Henbury’s overhauled rolling chassis has now been reunited with the boiler, allowing re-assembly to continue. In order to do this, the temporary track was extended out of the workshop, and a commercial crane was employed to turn the frames through 90 degrees and onto the quayside track. Portbury was able to bring the boiler on its trolley down to the quayside, where it was lifted into the frames. It was nearly dark by the time the operation was completed. Lastly, Portbury took her old stablemate back to the running shed.
On Thursday 20th August 2020, steam tug ‘Mayflower’s boiler was lifted back into place. As the museum and working exhibits have been closed during the Coronavirus crisis, it was nice to be able to have them alive again. All volunteers taking part were complying with COVID-19 restrictions throughout. The lift went very smoothly, a credit to all involved. Hopefully this means the 159-year old Mayflower can be in steam again soon!
Nicholas Tozer published this rather lovely video of a blue ‘Portbury’ operating trains in the early 1990s. It’s amazing to see the differences in the background, like the old sidings, the sleeper wall where the flats near SS GB halt now are. Also note the W.Vincent wagon being used for passengers, these days it is back to being a coal wagon.
In 2006, Bristol Industrial Museum was host to a 1940s event. One of the highlights saw Fairbairn Steam Crane, built in the 1870s, lift up a restored Sherman M4A4 tank and place it on a goods train. The immense strength of the Fairbairn design is evident, and the crane is still in operation to this day as part of M Shed.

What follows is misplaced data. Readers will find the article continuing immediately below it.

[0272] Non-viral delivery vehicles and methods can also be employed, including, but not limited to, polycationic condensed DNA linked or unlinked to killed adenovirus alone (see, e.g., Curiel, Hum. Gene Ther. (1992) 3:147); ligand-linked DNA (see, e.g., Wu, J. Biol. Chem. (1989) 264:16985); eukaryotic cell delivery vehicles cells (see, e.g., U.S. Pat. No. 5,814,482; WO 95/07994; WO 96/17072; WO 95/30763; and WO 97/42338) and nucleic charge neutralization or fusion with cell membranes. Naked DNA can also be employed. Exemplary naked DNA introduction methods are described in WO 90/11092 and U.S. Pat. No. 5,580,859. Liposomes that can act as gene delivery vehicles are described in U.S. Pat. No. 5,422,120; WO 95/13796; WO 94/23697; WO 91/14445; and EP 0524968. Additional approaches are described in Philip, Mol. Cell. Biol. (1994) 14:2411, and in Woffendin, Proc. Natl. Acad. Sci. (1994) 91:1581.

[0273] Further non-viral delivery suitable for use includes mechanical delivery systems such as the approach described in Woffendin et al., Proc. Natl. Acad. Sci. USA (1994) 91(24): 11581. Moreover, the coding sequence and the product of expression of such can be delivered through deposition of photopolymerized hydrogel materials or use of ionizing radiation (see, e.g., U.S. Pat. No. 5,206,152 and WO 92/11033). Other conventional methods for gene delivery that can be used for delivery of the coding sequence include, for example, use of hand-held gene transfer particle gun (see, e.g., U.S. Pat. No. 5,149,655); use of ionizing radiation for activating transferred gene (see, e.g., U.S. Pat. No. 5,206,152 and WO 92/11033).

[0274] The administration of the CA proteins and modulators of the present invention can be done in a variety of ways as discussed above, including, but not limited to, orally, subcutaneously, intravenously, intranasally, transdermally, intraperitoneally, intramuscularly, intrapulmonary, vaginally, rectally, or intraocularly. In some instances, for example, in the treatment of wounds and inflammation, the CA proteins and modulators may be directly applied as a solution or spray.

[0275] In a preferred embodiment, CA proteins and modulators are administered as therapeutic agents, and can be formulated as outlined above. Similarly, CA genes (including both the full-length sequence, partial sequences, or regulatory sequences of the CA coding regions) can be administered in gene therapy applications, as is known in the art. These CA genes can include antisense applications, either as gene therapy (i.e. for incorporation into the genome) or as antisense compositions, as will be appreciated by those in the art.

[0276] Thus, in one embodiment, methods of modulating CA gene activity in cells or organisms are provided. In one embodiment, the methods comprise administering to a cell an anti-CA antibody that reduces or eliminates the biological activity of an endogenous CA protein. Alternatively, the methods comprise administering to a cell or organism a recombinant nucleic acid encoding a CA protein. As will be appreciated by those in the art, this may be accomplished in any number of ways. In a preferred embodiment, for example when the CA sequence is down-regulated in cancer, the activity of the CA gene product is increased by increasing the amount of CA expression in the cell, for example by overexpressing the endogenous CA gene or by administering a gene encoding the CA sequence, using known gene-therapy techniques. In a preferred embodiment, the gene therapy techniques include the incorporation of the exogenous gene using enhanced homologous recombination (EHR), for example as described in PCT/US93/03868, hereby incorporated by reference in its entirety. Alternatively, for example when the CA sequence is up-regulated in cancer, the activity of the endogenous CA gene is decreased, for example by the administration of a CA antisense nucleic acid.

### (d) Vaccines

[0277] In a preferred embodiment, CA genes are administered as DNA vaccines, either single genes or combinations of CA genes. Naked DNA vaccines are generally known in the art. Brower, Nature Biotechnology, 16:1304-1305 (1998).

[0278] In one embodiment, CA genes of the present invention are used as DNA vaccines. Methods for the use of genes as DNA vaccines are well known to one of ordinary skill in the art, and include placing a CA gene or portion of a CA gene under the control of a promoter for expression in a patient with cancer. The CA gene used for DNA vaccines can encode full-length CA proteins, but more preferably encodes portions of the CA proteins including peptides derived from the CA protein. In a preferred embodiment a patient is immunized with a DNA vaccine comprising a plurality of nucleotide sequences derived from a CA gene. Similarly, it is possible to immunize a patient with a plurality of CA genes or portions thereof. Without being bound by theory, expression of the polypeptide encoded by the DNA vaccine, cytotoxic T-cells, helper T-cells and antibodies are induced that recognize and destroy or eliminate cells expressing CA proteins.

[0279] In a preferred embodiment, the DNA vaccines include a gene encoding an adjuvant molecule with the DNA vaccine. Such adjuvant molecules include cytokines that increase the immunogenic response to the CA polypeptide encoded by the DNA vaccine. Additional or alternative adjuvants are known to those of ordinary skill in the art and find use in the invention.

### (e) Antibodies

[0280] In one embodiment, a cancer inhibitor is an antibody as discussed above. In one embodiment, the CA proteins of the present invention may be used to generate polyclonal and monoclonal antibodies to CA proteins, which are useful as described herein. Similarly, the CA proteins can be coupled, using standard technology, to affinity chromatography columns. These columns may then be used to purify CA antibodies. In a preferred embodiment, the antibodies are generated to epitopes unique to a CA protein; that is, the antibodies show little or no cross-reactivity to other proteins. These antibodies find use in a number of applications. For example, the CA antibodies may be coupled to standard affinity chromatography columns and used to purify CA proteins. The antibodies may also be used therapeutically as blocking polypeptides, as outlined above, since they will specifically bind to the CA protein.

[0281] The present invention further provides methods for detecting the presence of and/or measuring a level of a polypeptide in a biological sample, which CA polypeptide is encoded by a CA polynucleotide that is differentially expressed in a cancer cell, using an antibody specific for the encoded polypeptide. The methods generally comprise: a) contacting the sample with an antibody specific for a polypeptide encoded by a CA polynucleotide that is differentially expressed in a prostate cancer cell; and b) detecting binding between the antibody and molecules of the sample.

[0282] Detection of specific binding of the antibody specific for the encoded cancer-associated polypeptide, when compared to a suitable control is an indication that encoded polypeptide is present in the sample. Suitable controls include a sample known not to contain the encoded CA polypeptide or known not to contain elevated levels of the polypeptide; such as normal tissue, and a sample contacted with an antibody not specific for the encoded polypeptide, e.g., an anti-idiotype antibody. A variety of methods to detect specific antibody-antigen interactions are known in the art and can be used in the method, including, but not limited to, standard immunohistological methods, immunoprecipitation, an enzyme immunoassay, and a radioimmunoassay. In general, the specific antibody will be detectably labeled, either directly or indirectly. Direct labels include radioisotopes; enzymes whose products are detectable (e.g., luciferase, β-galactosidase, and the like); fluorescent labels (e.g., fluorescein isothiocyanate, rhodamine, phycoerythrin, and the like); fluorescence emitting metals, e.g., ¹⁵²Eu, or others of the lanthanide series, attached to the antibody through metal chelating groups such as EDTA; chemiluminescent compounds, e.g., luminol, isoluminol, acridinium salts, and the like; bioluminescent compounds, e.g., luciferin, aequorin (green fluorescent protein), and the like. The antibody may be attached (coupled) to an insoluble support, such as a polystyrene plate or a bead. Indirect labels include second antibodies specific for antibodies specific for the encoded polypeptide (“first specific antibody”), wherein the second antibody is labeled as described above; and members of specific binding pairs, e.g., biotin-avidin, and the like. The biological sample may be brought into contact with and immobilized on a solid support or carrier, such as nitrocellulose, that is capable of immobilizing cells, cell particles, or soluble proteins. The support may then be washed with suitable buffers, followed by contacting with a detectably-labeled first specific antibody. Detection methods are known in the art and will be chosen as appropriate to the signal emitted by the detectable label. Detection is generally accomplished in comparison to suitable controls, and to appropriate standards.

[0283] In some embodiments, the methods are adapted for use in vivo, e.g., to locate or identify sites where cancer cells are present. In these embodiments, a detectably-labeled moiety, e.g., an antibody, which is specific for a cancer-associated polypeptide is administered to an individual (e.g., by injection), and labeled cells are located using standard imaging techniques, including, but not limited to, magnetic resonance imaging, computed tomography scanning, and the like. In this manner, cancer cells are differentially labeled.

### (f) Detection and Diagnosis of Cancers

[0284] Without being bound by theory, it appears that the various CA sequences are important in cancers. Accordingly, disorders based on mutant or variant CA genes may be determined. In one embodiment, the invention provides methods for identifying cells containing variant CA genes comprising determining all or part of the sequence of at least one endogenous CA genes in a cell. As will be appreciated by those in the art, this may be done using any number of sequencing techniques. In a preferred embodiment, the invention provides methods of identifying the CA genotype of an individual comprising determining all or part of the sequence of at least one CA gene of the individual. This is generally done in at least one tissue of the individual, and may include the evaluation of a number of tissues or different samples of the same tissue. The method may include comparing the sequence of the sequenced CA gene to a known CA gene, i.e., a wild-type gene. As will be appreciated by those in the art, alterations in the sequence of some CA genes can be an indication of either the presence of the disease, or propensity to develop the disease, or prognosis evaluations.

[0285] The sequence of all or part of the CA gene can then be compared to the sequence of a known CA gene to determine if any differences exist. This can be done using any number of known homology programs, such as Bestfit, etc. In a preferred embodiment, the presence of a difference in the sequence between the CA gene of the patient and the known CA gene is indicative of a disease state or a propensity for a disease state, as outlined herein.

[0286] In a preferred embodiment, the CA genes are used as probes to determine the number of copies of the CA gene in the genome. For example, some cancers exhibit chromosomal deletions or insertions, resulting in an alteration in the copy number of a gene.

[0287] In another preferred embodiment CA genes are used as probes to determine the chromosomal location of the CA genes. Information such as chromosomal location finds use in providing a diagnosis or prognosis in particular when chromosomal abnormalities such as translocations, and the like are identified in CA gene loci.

Good news as Henbury’s boiler has arrived back at M-Shed. I believe this boiler dates from 1955 as it was a new one fitted to ‘Mackenzie’ which had the winged smokebox front typical of earlier Pecketts. In or around 1960, the boiler was fitted to ‘Henbury’ which previously had a straight smokebox front.
Lots of steps still to go through on re-assembly but the boiler is one of the biggest hurdles in any overhaul!
On Saturday March 24th 2018, the Bristol Harbour Railway celebrated 40 years of operation on Bristol’s Harbourside, accompanied by the Lydney Town Band and of course a cake to commemorate the occasion! 101-year old ‘Portbury’ did the honours, pushing and pulling the freshly-refurbished passenger train up and down all day. What started as a group of enthusiasts, one locomotive (Henbury) and a brake van has seen dozens of changes on the harbourside, with the disused industrial area changing into a vibrant tourist hotspot. Long may it continue to bring delight to passengers, giving a unique experience in UK preservation.